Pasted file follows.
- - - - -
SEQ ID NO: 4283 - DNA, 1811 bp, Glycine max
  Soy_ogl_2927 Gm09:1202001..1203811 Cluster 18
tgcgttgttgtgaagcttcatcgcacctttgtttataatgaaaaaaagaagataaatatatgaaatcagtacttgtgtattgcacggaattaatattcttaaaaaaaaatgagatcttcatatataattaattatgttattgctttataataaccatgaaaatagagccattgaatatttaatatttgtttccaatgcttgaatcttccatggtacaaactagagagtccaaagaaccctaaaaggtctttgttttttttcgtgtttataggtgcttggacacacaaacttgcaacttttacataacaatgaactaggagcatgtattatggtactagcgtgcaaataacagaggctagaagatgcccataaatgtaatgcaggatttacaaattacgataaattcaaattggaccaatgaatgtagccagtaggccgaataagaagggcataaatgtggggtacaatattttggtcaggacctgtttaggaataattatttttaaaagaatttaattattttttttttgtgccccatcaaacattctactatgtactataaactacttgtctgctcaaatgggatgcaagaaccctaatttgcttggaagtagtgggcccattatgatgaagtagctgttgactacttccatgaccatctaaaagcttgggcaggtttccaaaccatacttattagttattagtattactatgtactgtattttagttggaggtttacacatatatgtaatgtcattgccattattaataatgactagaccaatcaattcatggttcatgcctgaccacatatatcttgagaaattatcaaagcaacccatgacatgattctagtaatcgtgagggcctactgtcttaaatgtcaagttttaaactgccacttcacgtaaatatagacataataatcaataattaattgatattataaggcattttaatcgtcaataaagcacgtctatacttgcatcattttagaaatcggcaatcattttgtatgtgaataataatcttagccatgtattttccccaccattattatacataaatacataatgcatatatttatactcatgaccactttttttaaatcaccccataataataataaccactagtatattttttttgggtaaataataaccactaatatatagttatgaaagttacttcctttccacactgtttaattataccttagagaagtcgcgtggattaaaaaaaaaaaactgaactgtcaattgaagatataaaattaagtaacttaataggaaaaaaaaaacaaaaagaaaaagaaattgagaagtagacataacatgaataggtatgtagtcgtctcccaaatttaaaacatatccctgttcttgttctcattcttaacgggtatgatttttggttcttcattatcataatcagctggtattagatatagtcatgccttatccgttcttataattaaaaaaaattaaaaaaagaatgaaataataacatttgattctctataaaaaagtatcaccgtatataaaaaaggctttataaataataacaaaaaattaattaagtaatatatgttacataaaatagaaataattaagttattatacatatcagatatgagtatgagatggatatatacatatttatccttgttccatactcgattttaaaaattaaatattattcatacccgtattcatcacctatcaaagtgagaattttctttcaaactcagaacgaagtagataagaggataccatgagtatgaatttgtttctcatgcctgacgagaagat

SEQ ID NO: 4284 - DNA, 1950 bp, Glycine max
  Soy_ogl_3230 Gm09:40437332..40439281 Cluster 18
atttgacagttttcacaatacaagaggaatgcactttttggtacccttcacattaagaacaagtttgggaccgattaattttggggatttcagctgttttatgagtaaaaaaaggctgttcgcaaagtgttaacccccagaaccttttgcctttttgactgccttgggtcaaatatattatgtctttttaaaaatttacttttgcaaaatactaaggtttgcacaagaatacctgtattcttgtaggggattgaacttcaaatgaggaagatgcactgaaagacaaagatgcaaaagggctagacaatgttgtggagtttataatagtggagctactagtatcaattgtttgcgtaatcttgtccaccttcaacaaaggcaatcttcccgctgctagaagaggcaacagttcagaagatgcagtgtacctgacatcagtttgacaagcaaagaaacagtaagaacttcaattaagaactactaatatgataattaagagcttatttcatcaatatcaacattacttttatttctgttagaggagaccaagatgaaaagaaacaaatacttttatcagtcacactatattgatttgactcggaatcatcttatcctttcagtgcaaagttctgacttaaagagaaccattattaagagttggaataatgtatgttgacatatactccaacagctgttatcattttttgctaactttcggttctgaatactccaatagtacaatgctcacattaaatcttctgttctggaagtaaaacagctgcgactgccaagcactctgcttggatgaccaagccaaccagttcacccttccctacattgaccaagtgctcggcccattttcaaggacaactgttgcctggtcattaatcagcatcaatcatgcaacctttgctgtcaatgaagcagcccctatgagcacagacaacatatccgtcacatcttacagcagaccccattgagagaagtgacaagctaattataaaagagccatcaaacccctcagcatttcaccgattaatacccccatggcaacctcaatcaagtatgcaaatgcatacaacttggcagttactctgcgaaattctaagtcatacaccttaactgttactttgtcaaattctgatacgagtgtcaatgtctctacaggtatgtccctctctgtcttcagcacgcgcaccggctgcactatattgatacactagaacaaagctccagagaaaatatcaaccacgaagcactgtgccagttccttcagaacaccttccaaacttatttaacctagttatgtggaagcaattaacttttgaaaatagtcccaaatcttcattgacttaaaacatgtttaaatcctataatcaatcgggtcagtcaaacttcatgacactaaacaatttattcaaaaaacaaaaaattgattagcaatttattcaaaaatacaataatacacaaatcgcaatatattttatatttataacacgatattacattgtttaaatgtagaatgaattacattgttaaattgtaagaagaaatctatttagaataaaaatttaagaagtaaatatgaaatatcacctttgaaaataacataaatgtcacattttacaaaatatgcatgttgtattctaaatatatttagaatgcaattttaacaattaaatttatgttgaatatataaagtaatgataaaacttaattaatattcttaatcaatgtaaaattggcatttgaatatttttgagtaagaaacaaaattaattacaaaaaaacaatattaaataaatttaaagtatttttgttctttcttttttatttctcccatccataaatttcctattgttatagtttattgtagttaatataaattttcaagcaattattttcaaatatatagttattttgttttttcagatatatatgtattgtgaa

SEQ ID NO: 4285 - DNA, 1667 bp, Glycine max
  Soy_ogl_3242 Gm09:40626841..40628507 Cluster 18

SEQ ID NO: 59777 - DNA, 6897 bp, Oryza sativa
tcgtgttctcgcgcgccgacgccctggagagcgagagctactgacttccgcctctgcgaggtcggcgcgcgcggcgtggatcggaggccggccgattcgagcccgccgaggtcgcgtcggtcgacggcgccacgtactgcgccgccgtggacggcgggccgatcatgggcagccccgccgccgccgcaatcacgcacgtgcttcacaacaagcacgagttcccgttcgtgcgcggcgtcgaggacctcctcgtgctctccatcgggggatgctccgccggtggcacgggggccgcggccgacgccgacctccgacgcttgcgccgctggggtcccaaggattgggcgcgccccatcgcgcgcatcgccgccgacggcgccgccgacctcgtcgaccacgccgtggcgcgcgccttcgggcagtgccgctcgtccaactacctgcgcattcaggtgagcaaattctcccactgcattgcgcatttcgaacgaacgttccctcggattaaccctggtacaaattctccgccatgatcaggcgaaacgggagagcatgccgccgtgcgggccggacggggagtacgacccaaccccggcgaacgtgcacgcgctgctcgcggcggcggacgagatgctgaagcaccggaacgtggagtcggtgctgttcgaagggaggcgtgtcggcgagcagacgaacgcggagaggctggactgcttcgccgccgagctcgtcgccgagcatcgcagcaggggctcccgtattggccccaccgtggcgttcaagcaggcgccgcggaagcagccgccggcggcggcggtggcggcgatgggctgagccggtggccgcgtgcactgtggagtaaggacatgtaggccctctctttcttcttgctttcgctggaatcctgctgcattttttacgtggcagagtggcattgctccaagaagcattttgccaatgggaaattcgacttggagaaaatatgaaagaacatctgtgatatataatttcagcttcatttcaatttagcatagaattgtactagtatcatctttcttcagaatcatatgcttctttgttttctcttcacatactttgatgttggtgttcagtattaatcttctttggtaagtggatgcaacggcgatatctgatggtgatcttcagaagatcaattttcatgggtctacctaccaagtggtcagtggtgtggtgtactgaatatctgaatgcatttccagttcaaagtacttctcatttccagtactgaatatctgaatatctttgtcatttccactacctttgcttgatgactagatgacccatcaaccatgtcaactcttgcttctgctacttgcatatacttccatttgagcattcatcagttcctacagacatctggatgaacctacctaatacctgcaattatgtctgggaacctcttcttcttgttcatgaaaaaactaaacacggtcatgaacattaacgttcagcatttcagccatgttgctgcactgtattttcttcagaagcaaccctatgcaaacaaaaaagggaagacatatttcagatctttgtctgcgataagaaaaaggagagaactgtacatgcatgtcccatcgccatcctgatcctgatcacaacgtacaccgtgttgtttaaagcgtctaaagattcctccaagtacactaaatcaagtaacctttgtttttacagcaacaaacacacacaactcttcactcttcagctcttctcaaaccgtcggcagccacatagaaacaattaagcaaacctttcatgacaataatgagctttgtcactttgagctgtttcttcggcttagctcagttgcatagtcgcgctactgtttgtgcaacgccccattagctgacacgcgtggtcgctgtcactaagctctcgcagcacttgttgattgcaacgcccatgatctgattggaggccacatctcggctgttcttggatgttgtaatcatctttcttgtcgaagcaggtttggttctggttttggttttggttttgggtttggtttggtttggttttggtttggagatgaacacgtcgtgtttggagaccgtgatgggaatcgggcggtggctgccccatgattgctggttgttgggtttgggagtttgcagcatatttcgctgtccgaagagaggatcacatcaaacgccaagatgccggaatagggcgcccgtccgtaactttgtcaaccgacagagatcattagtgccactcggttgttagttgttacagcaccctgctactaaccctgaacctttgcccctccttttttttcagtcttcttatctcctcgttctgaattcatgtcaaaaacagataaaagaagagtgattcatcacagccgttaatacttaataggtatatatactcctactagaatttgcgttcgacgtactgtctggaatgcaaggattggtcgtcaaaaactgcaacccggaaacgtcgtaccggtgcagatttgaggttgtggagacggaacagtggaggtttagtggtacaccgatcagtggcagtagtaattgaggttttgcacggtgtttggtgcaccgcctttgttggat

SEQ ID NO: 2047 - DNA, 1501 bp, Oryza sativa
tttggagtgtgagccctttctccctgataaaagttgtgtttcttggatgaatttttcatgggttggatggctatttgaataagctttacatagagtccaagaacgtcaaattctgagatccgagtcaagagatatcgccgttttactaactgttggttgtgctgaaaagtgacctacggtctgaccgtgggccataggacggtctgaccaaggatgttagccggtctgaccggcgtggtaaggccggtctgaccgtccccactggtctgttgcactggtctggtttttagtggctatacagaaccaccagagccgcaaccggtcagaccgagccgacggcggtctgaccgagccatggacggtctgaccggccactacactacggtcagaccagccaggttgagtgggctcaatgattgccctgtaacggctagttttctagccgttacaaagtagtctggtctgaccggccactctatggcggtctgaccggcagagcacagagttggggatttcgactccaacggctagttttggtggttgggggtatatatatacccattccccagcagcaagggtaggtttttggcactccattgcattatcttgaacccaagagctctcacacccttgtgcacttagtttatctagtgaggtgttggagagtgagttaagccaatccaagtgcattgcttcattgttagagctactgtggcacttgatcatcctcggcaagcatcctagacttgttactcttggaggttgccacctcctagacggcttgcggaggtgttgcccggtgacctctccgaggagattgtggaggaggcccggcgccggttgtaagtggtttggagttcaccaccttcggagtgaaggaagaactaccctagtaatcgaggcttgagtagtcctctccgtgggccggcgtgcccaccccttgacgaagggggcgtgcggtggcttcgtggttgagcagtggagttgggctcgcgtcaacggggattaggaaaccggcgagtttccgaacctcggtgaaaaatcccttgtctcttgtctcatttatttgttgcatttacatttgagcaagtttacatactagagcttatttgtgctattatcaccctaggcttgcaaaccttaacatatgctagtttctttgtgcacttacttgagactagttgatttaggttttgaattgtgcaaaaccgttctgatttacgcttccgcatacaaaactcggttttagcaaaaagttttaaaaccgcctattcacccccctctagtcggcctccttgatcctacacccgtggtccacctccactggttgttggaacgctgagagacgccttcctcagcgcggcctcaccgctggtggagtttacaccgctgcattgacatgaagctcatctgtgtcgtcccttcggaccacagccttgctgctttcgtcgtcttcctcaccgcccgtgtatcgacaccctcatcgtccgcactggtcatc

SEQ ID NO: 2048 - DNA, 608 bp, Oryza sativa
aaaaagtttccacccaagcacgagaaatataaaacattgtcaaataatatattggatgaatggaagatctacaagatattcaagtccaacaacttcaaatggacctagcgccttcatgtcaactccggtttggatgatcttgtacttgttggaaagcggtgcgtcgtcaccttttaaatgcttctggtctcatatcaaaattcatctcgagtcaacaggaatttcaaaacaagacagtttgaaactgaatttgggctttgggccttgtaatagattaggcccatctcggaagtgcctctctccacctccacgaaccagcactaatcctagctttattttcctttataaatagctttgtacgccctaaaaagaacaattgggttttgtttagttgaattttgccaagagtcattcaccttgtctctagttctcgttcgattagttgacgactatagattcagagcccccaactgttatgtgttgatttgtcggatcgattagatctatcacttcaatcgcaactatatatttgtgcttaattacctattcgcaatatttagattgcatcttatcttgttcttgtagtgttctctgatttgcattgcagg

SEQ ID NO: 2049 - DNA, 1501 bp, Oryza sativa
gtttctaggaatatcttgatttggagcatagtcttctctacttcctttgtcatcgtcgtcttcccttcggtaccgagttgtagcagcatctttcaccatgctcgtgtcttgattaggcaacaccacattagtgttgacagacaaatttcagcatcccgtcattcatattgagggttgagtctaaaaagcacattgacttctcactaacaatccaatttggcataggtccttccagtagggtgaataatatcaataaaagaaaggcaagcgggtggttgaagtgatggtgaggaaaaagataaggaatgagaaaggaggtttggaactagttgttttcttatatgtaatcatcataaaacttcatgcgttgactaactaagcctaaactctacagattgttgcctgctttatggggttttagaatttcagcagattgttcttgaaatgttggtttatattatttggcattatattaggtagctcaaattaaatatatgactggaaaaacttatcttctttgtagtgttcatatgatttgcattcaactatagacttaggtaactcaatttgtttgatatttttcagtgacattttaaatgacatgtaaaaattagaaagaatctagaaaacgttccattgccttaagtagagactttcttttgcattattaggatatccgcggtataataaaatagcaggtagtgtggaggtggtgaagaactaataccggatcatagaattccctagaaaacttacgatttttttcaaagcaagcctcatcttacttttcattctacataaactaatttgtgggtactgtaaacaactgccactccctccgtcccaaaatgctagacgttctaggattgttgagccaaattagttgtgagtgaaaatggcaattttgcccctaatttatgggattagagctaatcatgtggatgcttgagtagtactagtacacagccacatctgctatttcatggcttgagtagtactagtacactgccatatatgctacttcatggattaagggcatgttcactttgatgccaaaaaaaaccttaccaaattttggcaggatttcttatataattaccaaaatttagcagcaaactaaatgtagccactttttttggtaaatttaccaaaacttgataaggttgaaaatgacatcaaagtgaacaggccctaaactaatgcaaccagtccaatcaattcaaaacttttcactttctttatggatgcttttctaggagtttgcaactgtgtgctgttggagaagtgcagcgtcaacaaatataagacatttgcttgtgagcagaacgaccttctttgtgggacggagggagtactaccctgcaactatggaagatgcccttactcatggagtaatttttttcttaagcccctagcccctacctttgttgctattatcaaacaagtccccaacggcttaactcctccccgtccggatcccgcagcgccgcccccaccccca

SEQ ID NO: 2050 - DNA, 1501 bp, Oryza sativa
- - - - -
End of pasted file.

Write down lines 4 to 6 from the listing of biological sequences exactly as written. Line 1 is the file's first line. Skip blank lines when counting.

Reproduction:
SEQ ID NO: 4284 - DNA, 1950 bp, Glycine max
  Soy_ogl_3230 Gm09:40437332..40439281 Cluster 18
atttgacagttttcacaatacaagaggaatgcactttttggtacccttcacattaagaacaagtttgggaccgattaattttggggatttcagctgttttatgagtaaaaaaaggctgttcgcaaagtgttaacccccagaaccttttgcctttttgactgccttgggtcaaatatattatgtctttttaaaaatttacttttgcaaaatactaaggtttgcacaagaatacctgtattcttgtaggggattgaacttcaaatgaggaagatgcactgaaagacaaagatgcaaaagggctagacaatgttgtggagtttataatagtggagctactagtatcaattgtttgcgtaatcttgtccaccttcaacaaaggcaatcttcccgctgctagaagaggcaacagttcagaagatgcagtgtacctgacatcagtttgacaagcaaagaaacagtaagaacttcaattaagaactactaatatgataattaagagcttatttcatcaatatcaacattacttttatttctgttagaggagaccaagatgaaaagaaacaaatacttttatcagtcacactatattgatttgactcggaatcatcttatcctttcagtgcaaagttctgacttaaagagaaccattattaagagttggaataatgtatgttgacatatactccaacagctgttatcattttttgctaactttcggttctgaatactccaatagtacaatgctcacattaaatcttctgttctggaagtaaaacagctgcgactgccaagcactctgcttggatgaccaagccaaccagttcacccttccctacattgaccaagtgctcggcccattttcaaggacaactgttgcctggtcattaatcagcatcaatcatgcaacctttgctgtcaatgaagcagcccctatgagcacagacaacatatccgtcacatcttacagcagaccccattgagagaagtgacaagctaattataaaagagccatcaaacccctcagcatttcaccgattaatacccccatggcaacctcaatcaagtatgcaaatgcatacaacttggcagttactctgcgaaattctaagtcatacaccttaactgttactttgtcaaattctgatacgagtgtcaatgtctctacaggtatgtccctctctgtcttcagcacgcgcaccggctgcactatattgatacactagaacaaagctccagagaaaatatcaaccacgaagcactgtgccagttccttcagaacaccttccaaacttatttaacctagttatgtggaagcaattaacttttgaaaatagtcccaaatcttcattgacttaaaacatgtttaaatcctataatcaatcgggtcagtcaaacttcatgacactaaacaatttattcaaaaaacaaaaaattgattagcaatttattcaaaaatacaataatacacaaatcgcaatatattttatatttataacacgatattacattgtttaaatgtagaatgaattacattgttaaattgtaagaagaaatctatttagaataaaaatttaagaagtaaatatgaaatatcacctttgaaaataacataaatgtcacattttacaaaatatgcatgttgtattctaaatatatttagaatgcaattttaacaattaaatttatgttgaatatataaagtaatgataaaacttaattaatattcttaatcaatgtaaaattggcatttgaatatttttgagtaagaaacaaaattaattacaaaaaaacaatattaaataaatttaaagtatttttgttctttcttttttatttctcccatccataaatttcctattgttatagtttattgtagttaatataaattttcaagcaattattttcaaatatatagttattttgttttttcagatatatatgtattgtgaa